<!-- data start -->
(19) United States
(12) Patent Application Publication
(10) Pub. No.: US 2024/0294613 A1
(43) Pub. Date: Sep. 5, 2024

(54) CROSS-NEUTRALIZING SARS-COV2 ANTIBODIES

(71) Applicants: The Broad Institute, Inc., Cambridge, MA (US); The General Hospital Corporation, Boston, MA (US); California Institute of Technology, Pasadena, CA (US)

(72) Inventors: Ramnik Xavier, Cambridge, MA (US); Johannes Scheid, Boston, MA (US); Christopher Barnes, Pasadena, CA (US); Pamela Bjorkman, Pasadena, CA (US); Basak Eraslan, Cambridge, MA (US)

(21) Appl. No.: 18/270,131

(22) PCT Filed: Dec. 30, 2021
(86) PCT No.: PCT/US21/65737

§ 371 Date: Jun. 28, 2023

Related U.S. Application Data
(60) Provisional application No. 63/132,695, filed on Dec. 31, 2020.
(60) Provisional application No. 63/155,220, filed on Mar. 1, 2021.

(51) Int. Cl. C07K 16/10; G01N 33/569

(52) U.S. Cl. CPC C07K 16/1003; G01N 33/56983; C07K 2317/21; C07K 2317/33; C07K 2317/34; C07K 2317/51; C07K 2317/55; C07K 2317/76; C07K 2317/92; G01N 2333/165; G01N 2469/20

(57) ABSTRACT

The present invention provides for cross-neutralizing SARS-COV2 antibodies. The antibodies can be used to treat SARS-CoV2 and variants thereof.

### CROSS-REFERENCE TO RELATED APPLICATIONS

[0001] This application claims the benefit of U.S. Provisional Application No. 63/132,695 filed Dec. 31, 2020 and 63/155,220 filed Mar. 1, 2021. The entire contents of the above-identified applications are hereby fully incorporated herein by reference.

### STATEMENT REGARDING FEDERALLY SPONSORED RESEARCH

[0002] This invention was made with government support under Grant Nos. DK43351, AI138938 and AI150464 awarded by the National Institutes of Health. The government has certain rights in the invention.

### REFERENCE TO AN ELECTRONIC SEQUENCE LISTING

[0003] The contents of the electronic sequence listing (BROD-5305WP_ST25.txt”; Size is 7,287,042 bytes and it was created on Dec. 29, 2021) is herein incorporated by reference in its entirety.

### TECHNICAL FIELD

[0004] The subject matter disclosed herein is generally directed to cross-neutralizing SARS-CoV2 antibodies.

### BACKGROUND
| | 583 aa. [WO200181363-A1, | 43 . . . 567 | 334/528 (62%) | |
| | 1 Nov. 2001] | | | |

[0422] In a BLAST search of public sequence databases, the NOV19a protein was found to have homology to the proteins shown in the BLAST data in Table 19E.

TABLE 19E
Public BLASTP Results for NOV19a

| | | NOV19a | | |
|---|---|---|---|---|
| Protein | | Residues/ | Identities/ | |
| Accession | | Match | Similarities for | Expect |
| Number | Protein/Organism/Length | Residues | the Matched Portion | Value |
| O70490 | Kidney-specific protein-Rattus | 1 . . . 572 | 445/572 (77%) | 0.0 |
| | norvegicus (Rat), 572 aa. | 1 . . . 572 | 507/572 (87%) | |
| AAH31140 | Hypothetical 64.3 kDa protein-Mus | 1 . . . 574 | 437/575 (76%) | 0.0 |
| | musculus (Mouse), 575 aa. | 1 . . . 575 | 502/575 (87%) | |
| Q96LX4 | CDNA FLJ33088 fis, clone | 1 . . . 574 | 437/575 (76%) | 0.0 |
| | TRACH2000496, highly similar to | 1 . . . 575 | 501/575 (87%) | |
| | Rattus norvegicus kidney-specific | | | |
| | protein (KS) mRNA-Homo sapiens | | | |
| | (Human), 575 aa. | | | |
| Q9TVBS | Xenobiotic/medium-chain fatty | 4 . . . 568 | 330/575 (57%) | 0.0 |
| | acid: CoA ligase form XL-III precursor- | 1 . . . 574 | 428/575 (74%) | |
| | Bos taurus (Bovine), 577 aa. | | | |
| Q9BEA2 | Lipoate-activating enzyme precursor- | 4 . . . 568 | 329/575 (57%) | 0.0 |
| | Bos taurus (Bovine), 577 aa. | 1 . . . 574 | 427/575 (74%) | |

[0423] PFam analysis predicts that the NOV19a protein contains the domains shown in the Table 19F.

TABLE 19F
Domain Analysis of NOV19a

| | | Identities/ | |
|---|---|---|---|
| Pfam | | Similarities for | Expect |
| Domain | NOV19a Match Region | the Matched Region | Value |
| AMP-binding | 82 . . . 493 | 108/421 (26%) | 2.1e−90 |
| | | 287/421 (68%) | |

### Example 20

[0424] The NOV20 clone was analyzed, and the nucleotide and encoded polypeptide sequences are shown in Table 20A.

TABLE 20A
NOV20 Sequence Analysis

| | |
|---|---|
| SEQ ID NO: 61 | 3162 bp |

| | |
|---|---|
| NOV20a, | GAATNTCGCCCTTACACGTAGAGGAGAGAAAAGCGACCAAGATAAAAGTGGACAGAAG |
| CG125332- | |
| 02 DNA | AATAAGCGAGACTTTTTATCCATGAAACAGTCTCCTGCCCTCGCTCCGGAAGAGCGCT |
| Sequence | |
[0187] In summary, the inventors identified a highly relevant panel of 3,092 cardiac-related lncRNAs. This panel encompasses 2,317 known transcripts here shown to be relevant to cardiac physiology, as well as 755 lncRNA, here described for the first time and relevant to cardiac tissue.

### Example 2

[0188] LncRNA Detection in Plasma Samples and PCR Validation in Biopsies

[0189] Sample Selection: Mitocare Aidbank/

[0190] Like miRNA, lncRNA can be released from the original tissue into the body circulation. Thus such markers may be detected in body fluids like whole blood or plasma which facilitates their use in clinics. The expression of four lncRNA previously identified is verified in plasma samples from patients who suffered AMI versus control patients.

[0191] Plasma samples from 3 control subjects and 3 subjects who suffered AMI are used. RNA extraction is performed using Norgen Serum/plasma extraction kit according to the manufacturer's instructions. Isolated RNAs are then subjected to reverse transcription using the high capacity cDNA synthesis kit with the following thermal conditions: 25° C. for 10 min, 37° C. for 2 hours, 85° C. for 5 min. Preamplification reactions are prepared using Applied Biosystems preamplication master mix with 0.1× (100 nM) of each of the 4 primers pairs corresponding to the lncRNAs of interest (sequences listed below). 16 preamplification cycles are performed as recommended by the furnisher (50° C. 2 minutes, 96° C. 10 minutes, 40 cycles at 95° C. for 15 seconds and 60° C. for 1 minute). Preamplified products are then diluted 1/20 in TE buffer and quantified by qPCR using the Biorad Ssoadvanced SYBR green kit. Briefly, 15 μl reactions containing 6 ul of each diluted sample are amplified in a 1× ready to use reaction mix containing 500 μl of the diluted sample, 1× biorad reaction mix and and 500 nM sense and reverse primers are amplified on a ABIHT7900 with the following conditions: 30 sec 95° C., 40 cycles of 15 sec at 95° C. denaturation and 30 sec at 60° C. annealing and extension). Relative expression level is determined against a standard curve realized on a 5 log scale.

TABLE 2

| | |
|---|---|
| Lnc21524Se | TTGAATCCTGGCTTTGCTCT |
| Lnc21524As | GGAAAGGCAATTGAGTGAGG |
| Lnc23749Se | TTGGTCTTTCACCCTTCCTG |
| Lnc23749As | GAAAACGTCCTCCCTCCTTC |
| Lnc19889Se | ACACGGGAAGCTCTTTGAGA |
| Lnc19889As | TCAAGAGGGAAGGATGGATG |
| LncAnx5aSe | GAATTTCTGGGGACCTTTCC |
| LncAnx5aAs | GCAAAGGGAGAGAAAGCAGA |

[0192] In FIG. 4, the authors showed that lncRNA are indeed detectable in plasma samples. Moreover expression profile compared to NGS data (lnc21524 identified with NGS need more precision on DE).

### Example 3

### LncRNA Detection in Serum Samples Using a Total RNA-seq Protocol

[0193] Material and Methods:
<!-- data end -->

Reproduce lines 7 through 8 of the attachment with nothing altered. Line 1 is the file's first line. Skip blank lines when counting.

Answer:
(72) Inventors: Ramnik Xavier, Cambridge, MA (US); Johannes Scheid, Boston, MA (US); Christopher Barnes, Pasadena, CA (US); Pamela Bjorkman, Pasadena, CA (US); Basak Eraslan, Cambridge, MA (US)

(21) Appl. No.: 18/270,131